“There’s a reason they didn’t let me see this in the theater.”
As it turns out, I was sick this past weekend. Very, very sick. That’s the only excuse I can offer for the story I’m about to tell. When we settled in for a Friday night movie, I thought, “Let’s do something wild, wacky.”
In my misspent youth, I’d watched the movie version of Sgt. Pepper’s Lonely Hearts Club Band. Yeah, the movie.
I vaguely recalled it being a sort of cute film, maybe a little sappy, but not totally unwatchable. As it turns out, memories are tricky and this film is a classic case of convergence gone bad.
Sure you can say that the seventies were a weird time — straddling the sixties and the eighties the way they did — but you have to wonder the following: a) What was Robert Stigwood thinking, b) What was Peter Frampton thinking, and c) What was Steve Martin thinking? Frampton and the Bee Gees (the title’s Lonely Hearts Club Band) have the charisma of standees and the entire cast is forbidden to speak — all narration comes courtesy of George Burns, apparently the only performer capable of putting a sentence together — and the songs are particularly uninspired (exception: Earth, Wind, and Fire’s “Got To Get You Into My Life”, which highlights the absolute lack of funk in Peter Frampton’s soul).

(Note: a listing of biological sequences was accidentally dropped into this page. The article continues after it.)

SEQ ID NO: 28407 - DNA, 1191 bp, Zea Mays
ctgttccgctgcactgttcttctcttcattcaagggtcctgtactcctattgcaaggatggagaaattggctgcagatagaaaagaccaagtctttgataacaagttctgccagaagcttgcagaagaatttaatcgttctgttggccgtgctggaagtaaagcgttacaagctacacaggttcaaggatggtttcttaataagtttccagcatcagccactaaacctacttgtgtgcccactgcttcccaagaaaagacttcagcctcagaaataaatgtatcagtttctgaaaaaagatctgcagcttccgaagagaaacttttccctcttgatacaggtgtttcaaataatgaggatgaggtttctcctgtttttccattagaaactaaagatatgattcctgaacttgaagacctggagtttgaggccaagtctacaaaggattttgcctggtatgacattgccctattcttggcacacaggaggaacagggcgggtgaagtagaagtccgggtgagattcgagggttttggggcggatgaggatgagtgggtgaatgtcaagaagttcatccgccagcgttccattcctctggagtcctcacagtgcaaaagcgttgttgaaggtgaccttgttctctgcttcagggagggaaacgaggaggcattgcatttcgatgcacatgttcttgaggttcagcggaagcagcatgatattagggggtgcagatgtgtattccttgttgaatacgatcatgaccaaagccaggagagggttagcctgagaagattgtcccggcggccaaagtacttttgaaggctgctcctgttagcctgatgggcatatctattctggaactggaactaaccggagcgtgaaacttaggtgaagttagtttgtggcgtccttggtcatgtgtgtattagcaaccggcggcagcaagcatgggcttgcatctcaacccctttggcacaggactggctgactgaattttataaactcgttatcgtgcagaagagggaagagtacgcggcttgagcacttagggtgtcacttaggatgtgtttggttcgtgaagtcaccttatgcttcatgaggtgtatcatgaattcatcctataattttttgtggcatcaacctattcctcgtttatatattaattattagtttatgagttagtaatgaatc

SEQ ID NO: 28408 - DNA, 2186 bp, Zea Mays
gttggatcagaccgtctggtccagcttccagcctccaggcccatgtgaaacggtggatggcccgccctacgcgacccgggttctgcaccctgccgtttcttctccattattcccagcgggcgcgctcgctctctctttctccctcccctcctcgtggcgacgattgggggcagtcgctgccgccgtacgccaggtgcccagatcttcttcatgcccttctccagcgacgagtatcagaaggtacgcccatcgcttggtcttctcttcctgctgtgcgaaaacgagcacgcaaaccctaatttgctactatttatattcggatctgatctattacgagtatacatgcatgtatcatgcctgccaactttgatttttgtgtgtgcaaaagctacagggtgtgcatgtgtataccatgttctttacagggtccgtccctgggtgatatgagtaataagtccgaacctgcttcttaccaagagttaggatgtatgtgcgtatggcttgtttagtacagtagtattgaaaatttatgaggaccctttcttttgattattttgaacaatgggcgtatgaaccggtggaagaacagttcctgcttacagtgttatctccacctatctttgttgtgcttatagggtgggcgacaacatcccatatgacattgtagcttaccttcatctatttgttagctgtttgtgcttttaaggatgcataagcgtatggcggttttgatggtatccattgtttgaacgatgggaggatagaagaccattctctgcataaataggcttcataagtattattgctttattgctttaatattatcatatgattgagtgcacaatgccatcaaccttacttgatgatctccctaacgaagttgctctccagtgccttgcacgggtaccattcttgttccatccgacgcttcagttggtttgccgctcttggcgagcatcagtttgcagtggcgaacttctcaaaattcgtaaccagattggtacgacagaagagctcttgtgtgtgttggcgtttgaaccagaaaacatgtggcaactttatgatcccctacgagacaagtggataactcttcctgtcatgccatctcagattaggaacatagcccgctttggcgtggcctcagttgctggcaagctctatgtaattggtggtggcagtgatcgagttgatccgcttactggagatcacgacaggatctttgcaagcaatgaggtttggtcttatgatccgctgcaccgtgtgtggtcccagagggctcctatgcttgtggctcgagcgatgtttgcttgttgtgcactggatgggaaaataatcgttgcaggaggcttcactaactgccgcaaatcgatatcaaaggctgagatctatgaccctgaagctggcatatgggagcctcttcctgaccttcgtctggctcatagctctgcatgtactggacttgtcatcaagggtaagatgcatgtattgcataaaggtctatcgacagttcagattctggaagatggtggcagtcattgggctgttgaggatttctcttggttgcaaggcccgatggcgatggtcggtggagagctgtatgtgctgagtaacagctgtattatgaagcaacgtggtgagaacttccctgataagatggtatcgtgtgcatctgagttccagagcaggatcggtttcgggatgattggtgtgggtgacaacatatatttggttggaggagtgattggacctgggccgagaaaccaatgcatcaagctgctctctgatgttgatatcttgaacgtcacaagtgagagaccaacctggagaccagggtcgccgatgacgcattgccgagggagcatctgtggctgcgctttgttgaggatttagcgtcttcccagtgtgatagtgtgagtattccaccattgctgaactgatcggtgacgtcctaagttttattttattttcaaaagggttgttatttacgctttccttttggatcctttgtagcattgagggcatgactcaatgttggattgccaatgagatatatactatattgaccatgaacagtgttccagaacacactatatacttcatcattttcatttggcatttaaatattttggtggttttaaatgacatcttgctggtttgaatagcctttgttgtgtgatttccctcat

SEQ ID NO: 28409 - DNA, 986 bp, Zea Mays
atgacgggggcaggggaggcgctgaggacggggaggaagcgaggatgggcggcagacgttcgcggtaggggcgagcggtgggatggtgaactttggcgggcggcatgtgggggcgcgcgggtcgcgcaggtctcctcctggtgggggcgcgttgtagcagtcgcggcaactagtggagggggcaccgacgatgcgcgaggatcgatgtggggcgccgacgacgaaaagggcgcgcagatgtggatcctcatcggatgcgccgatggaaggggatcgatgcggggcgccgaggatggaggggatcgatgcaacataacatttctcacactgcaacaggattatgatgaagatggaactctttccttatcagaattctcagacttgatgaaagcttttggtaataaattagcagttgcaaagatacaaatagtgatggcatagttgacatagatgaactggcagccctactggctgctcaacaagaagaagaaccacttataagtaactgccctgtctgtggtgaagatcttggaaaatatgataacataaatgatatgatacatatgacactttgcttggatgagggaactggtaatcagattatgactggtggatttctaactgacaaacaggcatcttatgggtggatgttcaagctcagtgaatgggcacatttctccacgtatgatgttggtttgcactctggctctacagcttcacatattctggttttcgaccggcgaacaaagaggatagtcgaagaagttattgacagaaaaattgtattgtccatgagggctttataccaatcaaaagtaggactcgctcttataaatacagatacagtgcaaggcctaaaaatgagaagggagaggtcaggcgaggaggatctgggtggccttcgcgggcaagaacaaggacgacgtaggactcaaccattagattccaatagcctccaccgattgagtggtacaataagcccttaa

The setting is the impossibly innocent town of Heartland. Our town heroes, the band, makes it big and heads off for the evil big city where they fall into the clutches of all sorts of bad people. Bad people in a PG-veering-on-G sort of way. Throughout the whole thing, songs from the Sgt. Pepper album and others tell the story — except, of course, the songs generally have nothing to do with the story. There’s a delightful disconnect between what’s happening in song and what’s going on with the characters; it’s truly the only explanation for George Burns singing “Fixing a Hole” to a group of young children.
At the time this was released, Peter Frampton was inexplicably a huge star (nobody has ever been fully able to explain to me how he burst out of nowhere the way he did, but that’s how pop music works; Jim has noted that the purchase of a little vocal effects toy was the turning point). On screen, the man is slight and insubstantial and generally spends the movie looking like he’s a half-wit. The Bee Gees, also huge stars and peers of The Beatles, are more substantial men and presences, but they too suffer from someone’s vision of innocence-as-town-idiot. It doesn’t help that acting is not a skill possessed by much of marquee cast.
Since I was watching with Kirk, the comments started almost before the movie did.
He might have given the whole thing a chance had it made sense on any level, but it got so bad that I couldn’t explain why the movie featured songs from other Beatles albums. “Yes,” I said, “I know this song isn’t on Sgt. Peppers…” “Why is it in the movie?” he said. “I don’t know,” I replied, the soul of patience. “Probably because it helped move the story forward.”
Even I knew I was lying.
The kicker came at the end when someone had the brilliant idea to recreate the album cover in live-action format. You know it’s a bad idea when thirty years later, the most recognizable face in the crowd is Carol Channing.